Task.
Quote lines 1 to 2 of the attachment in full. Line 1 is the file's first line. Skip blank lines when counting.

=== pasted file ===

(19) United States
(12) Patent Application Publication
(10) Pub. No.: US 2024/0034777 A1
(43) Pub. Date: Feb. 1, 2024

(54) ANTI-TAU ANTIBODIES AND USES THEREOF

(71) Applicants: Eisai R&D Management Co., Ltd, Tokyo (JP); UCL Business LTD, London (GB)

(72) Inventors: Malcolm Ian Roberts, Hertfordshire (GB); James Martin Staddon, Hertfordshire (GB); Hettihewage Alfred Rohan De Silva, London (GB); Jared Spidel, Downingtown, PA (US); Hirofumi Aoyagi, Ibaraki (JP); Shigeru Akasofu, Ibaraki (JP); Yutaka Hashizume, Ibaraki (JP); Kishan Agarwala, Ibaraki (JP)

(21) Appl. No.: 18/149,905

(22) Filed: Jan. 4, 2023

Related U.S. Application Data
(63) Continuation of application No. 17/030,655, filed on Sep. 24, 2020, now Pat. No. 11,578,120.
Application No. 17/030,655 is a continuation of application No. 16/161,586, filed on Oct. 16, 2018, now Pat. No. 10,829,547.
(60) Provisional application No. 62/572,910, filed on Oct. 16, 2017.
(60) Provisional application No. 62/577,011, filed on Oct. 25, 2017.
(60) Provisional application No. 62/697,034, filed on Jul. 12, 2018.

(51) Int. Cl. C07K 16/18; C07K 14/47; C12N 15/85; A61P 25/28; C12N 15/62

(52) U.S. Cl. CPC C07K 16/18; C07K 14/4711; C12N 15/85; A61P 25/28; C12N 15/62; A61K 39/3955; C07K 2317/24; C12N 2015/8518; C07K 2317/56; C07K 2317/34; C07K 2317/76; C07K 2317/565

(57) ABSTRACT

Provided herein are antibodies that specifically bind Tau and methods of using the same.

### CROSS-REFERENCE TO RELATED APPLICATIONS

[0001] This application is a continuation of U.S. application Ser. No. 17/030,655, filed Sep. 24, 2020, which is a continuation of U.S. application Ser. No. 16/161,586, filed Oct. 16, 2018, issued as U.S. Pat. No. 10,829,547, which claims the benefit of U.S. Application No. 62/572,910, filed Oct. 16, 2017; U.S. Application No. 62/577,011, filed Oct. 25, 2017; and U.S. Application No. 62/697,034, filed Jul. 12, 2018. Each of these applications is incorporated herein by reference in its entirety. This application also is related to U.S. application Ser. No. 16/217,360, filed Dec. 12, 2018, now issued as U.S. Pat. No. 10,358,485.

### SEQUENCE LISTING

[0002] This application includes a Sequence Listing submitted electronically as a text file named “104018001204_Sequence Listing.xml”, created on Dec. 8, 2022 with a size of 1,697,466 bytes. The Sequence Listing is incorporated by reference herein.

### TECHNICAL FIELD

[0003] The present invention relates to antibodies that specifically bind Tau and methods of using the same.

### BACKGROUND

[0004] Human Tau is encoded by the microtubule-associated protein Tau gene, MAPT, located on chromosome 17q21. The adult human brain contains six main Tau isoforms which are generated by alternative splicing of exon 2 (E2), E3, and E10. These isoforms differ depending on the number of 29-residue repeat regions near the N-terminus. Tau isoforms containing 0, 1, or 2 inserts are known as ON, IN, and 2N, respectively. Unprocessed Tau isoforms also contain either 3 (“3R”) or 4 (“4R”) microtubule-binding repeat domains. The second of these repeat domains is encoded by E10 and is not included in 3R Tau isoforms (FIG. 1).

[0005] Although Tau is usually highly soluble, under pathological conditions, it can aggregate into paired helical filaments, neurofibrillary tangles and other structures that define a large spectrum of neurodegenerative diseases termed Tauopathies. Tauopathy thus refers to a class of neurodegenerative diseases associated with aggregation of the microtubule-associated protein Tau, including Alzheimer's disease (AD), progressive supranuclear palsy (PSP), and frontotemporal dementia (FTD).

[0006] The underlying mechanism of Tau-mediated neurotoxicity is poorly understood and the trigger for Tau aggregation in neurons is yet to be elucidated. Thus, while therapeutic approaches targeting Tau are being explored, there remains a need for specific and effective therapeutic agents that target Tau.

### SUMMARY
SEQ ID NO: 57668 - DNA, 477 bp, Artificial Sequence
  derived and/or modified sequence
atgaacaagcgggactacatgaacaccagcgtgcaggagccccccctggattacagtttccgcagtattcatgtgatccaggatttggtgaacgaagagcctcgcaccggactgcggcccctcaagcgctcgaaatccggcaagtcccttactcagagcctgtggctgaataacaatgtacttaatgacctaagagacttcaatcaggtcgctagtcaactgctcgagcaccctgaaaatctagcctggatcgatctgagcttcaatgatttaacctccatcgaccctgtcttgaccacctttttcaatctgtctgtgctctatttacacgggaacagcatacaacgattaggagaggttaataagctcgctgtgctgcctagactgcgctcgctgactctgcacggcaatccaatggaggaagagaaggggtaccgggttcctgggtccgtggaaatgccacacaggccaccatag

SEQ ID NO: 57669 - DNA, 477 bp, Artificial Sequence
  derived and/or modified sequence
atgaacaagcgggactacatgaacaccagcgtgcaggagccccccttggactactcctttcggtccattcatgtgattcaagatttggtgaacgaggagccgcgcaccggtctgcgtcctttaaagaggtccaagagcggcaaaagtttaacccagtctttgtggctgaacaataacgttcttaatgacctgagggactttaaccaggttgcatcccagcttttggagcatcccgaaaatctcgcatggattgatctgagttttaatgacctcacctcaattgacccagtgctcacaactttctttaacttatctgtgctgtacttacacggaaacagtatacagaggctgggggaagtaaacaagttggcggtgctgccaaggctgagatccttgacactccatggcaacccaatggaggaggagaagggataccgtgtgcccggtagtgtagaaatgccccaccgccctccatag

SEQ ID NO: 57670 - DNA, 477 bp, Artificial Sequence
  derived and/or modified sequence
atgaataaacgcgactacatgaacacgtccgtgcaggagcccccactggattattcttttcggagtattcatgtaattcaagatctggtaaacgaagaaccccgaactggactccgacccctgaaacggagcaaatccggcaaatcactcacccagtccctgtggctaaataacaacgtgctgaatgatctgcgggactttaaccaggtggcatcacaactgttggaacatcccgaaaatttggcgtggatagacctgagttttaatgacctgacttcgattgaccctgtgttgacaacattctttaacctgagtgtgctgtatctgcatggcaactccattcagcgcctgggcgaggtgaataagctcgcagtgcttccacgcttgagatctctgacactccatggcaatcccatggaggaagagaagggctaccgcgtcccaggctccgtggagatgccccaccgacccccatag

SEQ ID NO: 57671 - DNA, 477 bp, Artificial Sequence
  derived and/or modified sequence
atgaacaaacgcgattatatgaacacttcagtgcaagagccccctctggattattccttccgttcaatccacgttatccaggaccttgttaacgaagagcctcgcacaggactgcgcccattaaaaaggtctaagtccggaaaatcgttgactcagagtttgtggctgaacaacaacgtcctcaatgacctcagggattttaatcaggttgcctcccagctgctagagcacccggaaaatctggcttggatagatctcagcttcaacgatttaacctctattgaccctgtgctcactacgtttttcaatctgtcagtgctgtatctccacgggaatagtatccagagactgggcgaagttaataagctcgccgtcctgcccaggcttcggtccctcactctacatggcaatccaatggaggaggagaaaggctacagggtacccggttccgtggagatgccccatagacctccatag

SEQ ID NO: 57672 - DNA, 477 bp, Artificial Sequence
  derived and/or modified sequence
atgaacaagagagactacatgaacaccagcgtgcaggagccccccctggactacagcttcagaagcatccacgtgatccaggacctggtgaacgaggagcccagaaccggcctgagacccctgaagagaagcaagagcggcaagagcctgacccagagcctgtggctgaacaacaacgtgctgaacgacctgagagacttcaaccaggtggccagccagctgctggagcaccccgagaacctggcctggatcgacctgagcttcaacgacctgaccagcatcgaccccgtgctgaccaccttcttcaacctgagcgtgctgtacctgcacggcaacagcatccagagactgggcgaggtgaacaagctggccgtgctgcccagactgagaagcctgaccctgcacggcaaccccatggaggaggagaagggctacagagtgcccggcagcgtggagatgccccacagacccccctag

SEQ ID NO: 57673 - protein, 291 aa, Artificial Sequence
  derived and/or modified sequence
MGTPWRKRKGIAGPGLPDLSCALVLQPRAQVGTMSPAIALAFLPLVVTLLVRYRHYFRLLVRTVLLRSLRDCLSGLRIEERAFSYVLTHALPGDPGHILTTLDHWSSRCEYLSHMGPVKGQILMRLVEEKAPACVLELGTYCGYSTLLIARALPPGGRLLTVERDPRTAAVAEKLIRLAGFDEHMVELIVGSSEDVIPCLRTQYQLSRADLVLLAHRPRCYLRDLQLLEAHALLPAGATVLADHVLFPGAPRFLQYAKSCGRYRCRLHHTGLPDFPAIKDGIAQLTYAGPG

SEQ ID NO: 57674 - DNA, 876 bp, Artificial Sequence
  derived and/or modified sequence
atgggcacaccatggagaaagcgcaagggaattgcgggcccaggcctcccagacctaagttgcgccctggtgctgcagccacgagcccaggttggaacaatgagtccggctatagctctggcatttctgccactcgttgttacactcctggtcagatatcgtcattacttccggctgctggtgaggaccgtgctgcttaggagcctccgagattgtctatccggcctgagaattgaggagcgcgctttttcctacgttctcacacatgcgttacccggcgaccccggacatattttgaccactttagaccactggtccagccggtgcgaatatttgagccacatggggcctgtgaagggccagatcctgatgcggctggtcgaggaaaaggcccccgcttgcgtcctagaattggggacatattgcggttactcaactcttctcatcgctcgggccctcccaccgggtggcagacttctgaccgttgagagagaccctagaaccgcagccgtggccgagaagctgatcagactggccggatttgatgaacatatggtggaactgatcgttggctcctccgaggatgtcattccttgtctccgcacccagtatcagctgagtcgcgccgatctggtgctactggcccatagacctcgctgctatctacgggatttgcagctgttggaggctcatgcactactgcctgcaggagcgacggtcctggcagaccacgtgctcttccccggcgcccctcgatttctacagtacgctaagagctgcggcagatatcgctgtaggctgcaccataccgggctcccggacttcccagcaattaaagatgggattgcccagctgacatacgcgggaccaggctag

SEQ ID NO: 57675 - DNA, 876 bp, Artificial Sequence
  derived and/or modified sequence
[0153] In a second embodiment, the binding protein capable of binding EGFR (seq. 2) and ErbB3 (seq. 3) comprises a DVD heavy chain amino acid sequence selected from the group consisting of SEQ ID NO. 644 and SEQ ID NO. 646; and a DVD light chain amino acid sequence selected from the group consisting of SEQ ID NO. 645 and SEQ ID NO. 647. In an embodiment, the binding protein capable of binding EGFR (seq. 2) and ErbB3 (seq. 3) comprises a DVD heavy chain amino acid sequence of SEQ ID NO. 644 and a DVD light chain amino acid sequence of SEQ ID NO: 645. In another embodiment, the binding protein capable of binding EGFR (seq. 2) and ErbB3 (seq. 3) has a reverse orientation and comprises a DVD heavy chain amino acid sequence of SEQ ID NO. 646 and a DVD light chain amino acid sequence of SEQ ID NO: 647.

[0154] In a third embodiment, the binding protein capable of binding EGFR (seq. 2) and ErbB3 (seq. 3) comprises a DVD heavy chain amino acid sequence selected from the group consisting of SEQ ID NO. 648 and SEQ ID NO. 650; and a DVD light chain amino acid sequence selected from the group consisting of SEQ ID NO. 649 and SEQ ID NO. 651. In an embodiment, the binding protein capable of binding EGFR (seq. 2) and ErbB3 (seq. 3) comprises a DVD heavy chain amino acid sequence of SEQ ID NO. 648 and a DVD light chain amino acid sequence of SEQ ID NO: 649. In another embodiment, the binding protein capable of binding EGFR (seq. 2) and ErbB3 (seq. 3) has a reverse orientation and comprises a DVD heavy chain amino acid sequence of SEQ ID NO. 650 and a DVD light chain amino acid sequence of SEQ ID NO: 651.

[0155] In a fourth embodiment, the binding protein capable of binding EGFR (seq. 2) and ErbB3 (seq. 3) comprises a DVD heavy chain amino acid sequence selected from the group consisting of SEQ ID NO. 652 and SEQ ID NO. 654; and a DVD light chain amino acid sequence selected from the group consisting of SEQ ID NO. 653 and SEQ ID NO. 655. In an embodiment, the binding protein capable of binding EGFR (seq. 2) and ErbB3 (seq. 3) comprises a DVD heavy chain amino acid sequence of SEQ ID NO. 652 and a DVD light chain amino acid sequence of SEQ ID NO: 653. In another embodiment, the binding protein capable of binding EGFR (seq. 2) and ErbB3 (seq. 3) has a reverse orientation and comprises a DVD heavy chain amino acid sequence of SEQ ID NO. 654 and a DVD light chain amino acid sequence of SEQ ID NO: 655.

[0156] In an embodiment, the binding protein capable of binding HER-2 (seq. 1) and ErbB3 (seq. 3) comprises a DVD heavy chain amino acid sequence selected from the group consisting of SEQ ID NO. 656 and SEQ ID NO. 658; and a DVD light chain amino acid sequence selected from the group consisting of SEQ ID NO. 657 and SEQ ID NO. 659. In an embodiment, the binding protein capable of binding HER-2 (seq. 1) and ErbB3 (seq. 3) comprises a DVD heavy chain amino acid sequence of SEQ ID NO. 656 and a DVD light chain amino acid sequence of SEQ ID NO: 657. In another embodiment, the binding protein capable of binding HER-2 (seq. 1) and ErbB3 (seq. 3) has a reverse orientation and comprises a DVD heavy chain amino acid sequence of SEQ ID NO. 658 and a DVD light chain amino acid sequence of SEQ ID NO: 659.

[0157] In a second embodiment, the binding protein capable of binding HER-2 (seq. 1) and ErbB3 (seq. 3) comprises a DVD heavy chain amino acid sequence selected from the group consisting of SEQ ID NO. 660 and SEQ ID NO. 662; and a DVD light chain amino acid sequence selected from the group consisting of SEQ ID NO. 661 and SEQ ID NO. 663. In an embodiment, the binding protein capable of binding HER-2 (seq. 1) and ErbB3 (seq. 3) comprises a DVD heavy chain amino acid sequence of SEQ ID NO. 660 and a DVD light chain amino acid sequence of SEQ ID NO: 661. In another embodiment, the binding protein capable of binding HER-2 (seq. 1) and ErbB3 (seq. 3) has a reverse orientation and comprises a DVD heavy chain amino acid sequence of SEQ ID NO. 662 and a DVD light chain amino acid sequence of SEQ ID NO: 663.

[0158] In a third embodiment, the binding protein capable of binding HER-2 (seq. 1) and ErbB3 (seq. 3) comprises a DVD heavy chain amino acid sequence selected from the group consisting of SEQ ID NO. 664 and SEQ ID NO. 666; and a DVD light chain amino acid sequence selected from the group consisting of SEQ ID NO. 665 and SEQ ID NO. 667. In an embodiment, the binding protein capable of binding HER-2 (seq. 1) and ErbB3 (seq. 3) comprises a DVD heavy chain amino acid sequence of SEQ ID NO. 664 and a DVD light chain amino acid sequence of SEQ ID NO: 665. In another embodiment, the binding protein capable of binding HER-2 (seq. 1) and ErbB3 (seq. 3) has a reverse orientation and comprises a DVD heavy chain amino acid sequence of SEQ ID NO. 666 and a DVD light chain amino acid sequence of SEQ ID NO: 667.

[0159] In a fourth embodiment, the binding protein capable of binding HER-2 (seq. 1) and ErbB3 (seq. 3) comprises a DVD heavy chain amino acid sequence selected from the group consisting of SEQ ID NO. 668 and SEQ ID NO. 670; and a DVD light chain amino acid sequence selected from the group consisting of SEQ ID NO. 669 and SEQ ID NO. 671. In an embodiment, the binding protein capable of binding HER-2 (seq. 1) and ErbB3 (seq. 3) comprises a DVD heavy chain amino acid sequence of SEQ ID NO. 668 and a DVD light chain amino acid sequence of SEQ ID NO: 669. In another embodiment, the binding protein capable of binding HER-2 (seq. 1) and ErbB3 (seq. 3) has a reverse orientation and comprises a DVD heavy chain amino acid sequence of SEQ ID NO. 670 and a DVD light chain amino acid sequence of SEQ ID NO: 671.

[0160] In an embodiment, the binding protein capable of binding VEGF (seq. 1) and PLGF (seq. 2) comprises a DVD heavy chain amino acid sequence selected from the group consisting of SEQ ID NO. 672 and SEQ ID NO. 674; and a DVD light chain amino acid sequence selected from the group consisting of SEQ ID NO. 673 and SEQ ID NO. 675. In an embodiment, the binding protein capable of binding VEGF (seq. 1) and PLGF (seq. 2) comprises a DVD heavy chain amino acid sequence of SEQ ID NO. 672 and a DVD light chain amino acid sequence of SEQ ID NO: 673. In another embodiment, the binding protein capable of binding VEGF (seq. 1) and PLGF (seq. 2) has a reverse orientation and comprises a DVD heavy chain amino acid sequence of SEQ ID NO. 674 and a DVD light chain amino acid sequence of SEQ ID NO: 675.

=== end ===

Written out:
(19) United States
(12) Patent Application Publication